C3/1998M Ms OIHONNA, Breaking Loose of a Hydrogen Peroxide Tank-container During Storm on 31.1.1998
Ms Oihonna departed Lübeck, Germany, bound for Rauma, Finland, on January 29th 1998 at 15:05. The ship carried a cargo of 268 tons and 3657 tons water in ballast. The cargo consisted of, among other things, four tank-containers of hydrogen peroxide placed on the IMO deck at the stern of the ship. Each tank-container was loaded with 25 tons of 50 per cent hydrogen peroxide.
At the beginning of the voyage the weather was so rough that the sheltered route between Gotland and the Swedish coast was selected. After the ship had arrived in the Aland Sea at midnight on January 30th, the speed was slowed down to about five knots because of the stormy wind and the heavy seas. The ship was steered so that the wave direction was ten to fifteen degrees on the port bow, according to the officer of the watch (OOW).
According to the Finnish Institute of Marine Research the estimated maximum significant wave height was 6.1 metres at that sea area at about 23 o´clock or three hours before the accident. The wind speed observed at the nearby Märket meteorological station was then 25 metres per second from the direction of 10 degrees. At the time the accident happened, the wave height estimate was 5.9 metres.
At 2:10 am on January 31st the ship steward observed that one tank-container had come loose on the open third deck at the stern. The steward went directly to the bridge to inform of the swinging tank-container. The crew was alarmed. A group of seven crew members under the command of the first mate commenced to re-secure the tank-container. At that time the tank-container was fully detached from its fastenings, and it was sliding uncontrollably on the partly icy deck. The master contacted the MRCC Turku by mobile phone to give a notice of the potentially dangerous situation on the ship. The crew made several attempts to re-fasten the tank-container, which was still on its roll-trailer. These attempts were successful only partly, since the chains broke off at least twice.
At about three o´clock the first mate asked the master to heel the vessel to starboard by ballasting. The ship already had a minor list to starboard, and in addition, there was more free space on the deck on that side. The ballast transfer took 30 to 45 minutes. With the help of the list (abt. 8 degrees) the tank-container held its position better. Before the heeling was completed, the tank-container hit bulkhead and began to leak. The crew immediately went inside the ship. The flushing of the deck was started without delay. Three crew members used chemical protective suits with breathing apparatus. Working with this gear, however, was difficult in the prevailing conditions. The tank-container and the roll-trailer were finally secured at 06:30. The other cargo units, which had stayed in place, were checked and fastened more tightly after dawn.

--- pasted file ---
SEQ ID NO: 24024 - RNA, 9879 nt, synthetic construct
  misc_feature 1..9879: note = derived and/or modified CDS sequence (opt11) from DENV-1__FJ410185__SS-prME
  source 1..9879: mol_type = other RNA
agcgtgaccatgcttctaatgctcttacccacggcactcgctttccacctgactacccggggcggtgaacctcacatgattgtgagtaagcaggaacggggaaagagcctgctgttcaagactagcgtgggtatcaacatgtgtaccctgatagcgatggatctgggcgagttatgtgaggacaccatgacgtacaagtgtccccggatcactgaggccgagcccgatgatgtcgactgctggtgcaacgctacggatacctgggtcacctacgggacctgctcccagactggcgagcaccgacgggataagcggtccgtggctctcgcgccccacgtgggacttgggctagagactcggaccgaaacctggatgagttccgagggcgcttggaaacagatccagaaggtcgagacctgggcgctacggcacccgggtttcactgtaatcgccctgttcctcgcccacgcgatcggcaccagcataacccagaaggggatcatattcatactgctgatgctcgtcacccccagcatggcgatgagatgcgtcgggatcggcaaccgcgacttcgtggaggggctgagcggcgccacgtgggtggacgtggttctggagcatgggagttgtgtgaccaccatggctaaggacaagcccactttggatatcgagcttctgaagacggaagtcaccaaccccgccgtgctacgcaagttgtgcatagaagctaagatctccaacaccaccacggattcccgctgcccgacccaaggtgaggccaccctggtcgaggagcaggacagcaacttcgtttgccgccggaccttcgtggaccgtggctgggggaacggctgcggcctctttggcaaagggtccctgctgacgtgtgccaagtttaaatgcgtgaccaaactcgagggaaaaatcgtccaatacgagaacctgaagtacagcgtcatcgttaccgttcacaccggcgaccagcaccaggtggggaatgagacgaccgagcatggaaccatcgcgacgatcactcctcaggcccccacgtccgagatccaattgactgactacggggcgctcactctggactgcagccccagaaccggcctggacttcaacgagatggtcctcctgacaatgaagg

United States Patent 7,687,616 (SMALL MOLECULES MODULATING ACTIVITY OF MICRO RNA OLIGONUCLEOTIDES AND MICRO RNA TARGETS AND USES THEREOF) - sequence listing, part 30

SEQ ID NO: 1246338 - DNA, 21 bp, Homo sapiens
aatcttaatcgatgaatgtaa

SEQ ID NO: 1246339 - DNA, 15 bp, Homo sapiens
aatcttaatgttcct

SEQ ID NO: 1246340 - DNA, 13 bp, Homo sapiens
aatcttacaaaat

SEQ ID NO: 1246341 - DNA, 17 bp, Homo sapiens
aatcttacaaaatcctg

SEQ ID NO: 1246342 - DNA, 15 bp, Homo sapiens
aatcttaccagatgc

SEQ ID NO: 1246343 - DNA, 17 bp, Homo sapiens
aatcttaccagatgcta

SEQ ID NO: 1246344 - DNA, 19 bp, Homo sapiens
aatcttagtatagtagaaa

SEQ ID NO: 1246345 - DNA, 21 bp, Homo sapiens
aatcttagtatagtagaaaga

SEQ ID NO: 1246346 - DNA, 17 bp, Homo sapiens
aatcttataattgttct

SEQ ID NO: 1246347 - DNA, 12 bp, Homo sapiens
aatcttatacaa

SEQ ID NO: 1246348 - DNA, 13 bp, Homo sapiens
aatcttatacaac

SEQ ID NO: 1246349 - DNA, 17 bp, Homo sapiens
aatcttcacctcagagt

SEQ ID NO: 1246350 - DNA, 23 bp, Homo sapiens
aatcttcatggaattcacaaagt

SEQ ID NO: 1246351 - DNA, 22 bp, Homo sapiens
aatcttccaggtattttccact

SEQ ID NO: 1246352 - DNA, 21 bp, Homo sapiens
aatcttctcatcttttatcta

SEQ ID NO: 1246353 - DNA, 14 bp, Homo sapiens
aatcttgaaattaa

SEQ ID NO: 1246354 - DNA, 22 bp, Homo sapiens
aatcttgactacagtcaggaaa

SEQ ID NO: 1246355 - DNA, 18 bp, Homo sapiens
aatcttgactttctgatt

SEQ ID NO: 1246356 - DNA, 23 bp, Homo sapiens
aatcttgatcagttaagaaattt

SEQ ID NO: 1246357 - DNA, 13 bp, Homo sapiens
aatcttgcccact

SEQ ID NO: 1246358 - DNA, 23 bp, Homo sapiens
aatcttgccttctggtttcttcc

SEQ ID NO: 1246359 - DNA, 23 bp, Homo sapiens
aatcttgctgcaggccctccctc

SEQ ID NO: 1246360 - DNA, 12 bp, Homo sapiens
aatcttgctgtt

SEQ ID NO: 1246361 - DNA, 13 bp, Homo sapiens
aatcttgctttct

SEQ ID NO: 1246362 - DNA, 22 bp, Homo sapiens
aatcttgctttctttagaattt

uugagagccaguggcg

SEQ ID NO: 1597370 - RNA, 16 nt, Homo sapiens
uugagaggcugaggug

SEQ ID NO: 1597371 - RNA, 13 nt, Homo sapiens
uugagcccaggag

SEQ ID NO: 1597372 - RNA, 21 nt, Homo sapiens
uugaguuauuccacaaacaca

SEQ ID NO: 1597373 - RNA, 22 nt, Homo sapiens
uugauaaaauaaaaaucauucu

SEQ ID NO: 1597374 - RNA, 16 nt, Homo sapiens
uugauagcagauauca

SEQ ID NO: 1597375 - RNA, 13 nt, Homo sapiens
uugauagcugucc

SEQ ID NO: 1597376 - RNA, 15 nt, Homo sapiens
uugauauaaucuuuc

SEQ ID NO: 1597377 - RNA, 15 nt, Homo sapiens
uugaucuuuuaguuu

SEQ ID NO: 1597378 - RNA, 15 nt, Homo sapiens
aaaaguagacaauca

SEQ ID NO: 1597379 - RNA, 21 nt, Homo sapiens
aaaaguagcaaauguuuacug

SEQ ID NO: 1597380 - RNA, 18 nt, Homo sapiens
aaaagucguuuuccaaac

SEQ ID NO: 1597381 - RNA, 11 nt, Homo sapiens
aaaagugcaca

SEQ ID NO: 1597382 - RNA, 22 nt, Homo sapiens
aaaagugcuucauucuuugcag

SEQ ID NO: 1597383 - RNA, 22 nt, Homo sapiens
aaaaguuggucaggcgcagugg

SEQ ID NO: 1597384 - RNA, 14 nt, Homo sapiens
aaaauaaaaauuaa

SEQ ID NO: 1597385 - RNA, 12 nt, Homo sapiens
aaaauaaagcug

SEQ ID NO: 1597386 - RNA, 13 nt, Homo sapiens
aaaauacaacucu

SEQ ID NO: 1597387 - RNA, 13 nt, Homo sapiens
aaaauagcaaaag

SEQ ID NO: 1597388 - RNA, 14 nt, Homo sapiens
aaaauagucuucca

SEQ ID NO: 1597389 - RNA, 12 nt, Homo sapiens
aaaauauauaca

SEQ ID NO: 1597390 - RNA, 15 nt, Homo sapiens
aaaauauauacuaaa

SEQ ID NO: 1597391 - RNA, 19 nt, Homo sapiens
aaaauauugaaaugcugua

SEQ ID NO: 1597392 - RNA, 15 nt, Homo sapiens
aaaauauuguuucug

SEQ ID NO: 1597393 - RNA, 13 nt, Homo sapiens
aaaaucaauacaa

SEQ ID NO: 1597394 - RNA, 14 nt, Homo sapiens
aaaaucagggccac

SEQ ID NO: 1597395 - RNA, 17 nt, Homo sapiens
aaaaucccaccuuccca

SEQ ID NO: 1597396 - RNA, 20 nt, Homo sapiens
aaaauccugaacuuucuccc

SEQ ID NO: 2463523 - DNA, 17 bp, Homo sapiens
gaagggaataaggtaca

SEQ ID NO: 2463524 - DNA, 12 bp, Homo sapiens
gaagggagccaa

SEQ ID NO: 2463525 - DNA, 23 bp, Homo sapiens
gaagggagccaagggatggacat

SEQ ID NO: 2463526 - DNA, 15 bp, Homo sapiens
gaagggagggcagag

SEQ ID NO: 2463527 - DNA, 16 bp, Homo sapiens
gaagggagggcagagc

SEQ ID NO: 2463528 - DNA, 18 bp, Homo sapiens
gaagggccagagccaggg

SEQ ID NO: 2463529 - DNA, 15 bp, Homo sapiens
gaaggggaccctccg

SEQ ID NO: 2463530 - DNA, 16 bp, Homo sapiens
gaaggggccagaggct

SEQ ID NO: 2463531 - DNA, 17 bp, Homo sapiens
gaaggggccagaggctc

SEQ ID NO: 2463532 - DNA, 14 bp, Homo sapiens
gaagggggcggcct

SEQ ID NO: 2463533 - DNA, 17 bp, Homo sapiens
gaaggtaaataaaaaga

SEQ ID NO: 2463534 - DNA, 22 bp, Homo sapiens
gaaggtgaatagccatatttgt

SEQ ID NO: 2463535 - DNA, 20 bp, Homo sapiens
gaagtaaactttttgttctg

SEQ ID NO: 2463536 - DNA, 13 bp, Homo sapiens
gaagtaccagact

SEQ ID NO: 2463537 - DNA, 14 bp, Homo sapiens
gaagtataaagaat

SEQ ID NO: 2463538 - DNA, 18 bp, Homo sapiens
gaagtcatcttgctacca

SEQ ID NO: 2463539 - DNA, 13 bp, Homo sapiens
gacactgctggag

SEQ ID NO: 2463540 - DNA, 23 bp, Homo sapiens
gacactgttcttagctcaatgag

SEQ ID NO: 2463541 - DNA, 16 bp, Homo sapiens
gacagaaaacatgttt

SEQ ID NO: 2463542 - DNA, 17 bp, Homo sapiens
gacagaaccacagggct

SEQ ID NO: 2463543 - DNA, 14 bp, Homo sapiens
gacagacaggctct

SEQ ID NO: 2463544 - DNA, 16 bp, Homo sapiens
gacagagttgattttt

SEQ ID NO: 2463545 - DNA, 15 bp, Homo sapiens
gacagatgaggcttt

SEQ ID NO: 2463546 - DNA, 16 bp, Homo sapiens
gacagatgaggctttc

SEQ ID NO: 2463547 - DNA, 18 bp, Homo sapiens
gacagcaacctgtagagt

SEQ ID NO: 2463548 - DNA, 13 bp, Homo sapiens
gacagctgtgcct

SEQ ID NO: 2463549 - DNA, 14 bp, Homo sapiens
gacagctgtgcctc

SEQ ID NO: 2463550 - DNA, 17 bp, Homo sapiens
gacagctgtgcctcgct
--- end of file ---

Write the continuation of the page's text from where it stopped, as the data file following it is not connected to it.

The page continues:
The breaking of one of the rear fastening hooks can be regarded as the primary reason for breaking loose of the tank-container and its roll-trailer. The inertia forces exerted to the cargo unit due to high vessel accelerations exceeded the maximum tensile strength of the hook. After one hook was broken the rear part of the tank-container began to move transversally, which also broke the other rear hook and eventually the remaining two fastenings.
The exceptionally heavy sea combined with the light loading condition excited violent ship motions and accelerations. The bottom slamming at the stern increased the accelerations even more.
The following factors contributed to the occurrence of the incident:
1) Icy conditions generated a layer of ice and slush on the open deck decreasing the friction between the deck and roll-trailer substantially. Reduced friction increases the loads on the fastenings considerably.
2) One or more of the fastening hooks could have been fastened to the roll-trailer in such a way that they were not free to align with the chains. The angle between the hook and the chain could have been so large, that the tensile strength of the hook in the direction of the chain force was below the breaking strength of the chain. This lowers the total maximum strength of the fastening.
3) The angle between the fastening chain and vertical direction may have been larger than the optimum value. The chain load increases significantly with the chain angle.
4) The tightening forces in one or more fastening chains were conceivably too low, which can reduce the friction further. Possible reasons for low forces were defective or even broken rigging screws, ineffective pneumatic torque wrench used in tightening the rigging screws and fall of pressure in the compressed-air supply of the vessel due to simultaneous users or malfunction of the compressor.
More than 20 tons of 50 per cent hydrogen peroxide leaked on the deck and into other ship compartments. The fast and professional action of the crew prevented the infliction of major damages to the vessel and cargo. In spite of the existing health hazards the crew performed the operation without injuries.